A semi-final adventure of sorts.

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Dressed to the nines in an Italian restaurant, we both checked our phones, apologizing and feeling rude. We had good reason to do so: We were trying to network and see if any friends or family could loan us a tent in a pinch. Our reliable outlet for tents had sold all their rental tents, which we had used periodically this summer.

After dinner we pulled up to a beautiful house perched on a hill. Annette opened the door and handed us an 8 person tent, generously helping us out. We didn’t know if we would be able to set up this behemoth contraption, but it was what we needed, and we walked back to the car, still dressed very nicely, holding the green Coleman tent bag.

Our goal: Glacier National Park, for two nights, complete with fire, hopefully seeing mountain goats, maybe a grizzly through some binoculars.

The reality: Due to my sickness, consisting of a horrible cough and wretched, fitful nights of sleep, and an impending storm in the park, we cancelled and decided on one night in Yellowstone. Sure, there was rain and wind predicted. Sure, I was still a sickly creature. But, it was my last weekend in America for a few months and we were feeling scrappy.

So, we went to Yellowstone. Again. We had a marvelous time, despite Stage 2 fire restrictions that meant no campfire. We had a tent palace courtesy of a wonderful woman and we had the Boiling River and the Lamar Valley and a quiet lake to walk near and fall colors to soak in. We had the last tendrils of summer hanging on and we reveled in what nature had to give us. We watched elk nibble feet from our tent in the campsite, large healthy cows and velvet-adorned yearlings, eating their salad and fattening up. We listened to creeks rush and leaves rustle. We had a good last weekend before it was time for me to pack and go back to British Columbia to tackle The Thesis.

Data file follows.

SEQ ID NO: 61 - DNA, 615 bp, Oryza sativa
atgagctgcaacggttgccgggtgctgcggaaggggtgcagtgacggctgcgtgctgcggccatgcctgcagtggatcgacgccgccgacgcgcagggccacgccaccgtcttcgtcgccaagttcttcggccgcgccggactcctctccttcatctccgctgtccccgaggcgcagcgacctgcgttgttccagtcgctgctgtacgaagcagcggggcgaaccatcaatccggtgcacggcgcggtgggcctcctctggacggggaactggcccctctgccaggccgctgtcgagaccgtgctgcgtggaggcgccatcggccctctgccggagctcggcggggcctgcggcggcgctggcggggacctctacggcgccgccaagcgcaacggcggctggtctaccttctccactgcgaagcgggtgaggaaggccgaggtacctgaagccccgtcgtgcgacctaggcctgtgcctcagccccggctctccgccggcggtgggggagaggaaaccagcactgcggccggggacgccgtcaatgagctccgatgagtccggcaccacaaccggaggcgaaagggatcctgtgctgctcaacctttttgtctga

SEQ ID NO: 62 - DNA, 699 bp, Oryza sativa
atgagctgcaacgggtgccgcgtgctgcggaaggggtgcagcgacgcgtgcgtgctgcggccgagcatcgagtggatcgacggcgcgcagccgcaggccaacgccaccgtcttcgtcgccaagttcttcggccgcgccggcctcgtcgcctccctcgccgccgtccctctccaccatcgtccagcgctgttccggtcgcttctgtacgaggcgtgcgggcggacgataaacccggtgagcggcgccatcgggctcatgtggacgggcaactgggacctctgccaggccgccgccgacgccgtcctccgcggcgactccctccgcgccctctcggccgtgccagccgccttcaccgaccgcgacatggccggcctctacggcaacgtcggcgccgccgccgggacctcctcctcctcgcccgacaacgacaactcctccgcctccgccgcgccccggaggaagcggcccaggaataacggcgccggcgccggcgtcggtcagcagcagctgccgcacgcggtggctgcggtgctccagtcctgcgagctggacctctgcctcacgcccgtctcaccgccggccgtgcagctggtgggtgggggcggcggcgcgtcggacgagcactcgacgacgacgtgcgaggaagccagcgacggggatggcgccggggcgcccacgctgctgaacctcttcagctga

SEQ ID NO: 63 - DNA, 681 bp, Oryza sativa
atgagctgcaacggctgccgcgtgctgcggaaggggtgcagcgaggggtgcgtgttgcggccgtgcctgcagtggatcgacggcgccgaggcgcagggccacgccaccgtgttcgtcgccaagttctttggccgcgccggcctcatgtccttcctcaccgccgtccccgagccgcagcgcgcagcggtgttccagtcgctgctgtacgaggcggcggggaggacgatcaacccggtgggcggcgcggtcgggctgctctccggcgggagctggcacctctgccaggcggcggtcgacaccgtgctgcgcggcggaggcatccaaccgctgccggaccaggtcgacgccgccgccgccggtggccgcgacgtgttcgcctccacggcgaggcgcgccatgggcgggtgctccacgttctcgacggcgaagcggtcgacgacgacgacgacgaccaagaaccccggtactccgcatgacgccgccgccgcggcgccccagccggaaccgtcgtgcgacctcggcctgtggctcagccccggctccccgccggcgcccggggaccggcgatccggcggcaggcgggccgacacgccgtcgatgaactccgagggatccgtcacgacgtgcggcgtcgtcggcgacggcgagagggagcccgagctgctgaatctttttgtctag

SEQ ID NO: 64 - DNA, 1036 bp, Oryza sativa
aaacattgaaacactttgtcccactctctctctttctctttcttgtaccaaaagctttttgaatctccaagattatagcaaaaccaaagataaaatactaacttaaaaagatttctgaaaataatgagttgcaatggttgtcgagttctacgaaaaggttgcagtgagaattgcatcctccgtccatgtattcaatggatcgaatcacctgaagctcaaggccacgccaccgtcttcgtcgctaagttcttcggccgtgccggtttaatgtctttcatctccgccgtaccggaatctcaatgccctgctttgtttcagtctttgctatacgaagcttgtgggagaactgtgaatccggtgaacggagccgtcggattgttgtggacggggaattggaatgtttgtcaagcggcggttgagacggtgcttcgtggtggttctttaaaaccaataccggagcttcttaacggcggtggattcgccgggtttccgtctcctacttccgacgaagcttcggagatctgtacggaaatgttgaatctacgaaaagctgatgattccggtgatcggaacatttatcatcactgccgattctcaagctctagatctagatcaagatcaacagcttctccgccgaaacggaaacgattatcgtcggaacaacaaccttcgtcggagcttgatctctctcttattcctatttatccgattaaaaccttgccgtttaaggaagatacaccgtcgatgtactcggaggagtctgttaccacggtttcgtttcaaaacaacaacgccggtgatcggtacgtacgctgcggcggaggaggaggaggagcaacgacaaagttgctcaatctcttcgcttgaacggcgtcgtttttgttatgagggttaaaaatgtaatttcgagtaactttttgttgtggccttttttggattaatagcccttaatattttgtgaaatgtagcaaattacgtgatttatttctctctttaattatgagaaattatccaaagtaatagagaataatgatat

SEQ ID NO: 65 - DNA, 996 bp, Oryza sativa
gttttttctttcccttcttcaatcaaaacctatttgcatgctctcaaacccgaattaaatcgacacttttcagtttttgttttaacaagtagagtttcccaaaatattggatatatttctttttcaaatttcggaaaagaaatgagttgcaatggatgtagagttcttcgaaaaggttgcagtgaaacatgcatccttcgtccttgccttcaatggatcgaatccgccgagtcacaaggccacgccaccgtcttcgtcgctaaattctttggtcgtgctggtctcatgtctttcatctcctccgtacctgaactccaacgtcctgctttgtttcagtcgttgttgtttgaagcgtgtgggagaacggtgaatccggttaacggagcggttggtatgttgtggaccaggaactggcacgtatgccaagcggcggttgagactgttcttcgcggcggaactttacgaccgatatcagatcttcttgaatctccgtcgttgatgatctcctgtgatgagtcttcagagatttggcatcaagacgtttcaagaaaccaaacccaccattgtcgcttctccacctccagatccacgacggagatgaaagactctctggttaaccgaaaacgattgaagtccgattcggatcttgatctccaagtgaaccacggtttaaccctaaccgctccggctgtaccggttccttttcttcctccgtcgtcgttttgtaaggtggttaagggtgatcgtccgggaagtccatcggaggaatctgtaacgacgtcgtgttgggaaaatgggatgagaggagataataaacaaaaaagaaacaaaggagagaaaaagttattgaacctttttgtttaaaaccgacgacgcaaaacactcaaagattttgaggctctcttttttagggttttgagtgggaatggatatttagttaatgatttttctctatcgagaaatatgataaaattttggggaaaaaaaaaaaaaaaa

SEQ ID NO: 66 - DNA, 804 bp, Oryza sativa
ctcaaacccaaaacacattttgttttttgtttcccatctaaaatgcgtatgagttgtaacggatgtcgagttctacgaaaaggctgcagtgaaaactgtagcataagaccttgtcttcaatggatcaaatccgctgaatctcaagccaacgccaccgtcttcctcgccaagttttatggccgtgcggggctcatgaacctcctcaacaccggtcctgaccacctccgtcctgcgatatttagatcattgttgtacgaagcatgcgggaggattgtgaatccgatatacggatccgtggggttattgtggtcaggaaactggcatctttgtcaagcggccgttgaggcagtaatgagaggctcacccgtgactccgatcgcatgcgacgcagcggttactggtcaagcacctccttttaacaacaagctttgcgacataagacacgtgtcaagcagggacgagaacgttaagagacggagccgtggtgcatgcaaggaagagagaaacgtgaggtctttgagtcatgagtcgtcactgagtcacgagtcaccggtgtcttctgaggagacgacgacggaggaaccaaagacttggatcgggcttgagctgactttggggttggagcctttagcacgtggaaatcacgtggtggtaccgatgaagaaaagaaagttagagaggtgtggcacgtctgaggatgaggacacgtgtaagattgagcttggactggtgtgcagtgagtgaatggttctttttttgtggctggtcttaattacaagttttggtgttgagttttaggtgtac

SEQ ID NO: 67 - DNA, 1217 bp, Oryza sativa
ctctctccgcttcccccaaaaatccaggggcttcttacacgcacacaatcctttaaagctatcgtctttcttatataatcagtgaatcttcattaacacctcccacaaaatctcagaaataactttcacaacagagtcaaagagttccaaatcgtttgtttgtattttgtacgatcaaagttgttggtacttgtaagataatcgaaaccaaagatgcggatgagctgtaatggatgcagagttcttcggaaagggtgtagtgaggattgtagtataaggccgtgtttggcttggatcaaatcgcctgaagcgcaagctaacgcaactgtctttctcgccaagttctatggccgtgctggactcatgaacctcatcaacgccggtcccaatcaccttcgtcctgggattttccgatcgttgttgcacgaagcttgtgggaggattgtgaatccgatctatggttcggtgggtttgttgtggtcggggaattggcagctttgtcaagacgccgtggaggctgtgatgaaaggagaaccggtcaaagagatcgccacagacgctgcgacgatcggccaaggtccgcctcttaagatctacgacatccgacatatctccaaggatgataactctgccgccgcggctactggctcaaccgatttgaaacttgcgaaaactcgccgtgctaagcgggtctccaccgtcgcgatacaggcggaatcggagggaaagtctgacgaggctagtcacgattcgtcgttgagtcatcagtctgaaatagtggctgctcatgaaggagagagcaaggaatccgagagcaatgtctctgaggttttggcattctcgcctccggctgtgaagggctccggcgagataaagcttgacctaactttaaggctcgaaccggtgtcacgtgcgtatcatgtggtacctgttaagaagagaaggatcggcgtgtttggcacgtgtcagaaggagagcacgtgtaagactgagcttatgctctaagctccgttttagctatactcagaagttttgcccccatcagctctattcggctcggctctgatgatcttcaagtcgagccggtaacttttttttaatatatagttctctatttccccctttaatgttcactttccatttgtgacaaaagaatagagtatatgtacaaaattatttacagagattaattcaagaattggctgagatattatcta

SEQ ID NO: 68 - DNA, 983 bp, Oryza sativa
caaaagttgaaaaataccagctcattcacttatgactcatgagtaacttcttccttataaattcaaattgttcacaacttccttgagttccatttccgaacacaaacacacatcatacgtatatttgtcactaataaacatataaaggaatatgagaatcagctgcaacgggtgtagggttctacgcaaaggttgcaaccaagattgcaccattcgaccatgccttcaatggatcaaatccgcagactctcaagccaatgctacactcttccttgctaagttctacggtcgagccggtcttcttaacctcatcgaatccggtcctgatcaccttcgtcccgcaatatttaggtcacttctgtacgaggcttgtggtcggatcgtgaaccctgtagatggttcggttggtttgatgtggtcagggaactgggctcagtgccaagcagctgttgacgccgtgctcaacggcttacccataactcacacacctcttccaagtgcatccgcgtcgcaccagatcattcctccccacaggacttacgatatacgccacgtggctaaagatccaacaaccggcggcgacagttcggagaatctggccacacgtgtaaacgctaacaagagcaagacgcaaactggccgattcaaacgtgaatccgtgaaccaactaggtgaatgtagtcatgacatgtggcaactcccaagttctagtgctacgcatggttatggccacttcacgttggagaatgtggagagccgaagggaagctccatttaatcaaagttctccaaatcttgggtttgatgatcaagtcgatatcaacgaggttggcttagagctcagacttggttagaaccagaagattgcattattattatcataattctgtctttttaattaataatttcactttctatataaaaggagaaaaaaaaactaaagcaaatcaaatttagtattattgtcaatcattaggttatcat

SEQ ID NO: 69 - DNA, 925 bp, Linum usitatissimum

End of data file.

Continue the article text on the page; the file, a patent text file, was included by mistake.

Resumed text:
Lonely landscapes

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I have been lonelier as of late than I have in a long time.

My social life is bordering on dead, a husk of what I imagined it would be this summer. I had a break-up, took a job I was very unsure of, and have spent most of my summer working and catching up on sleep, feeling as though I never had enough.

I moved out of my apartment in Bozeman permanently. Packing is hot and sweaty work but it also brings to light how much unnecessary stuff one has. I wanted to throw most of it away. I cried intermittently. I know that many people have bigger struggles and harder lives than I do but it doesn’t make it easier to move and deal with a break up.

This summer has been the hottest, loneliest, and hardest one I can remember. It doesn’t help that I worked too much and didn’t see enough of the good people in my life.

I hope my next post has better positive vibes attached to it, but I’m not going to apologize for being a person and having a difficult time at the moment.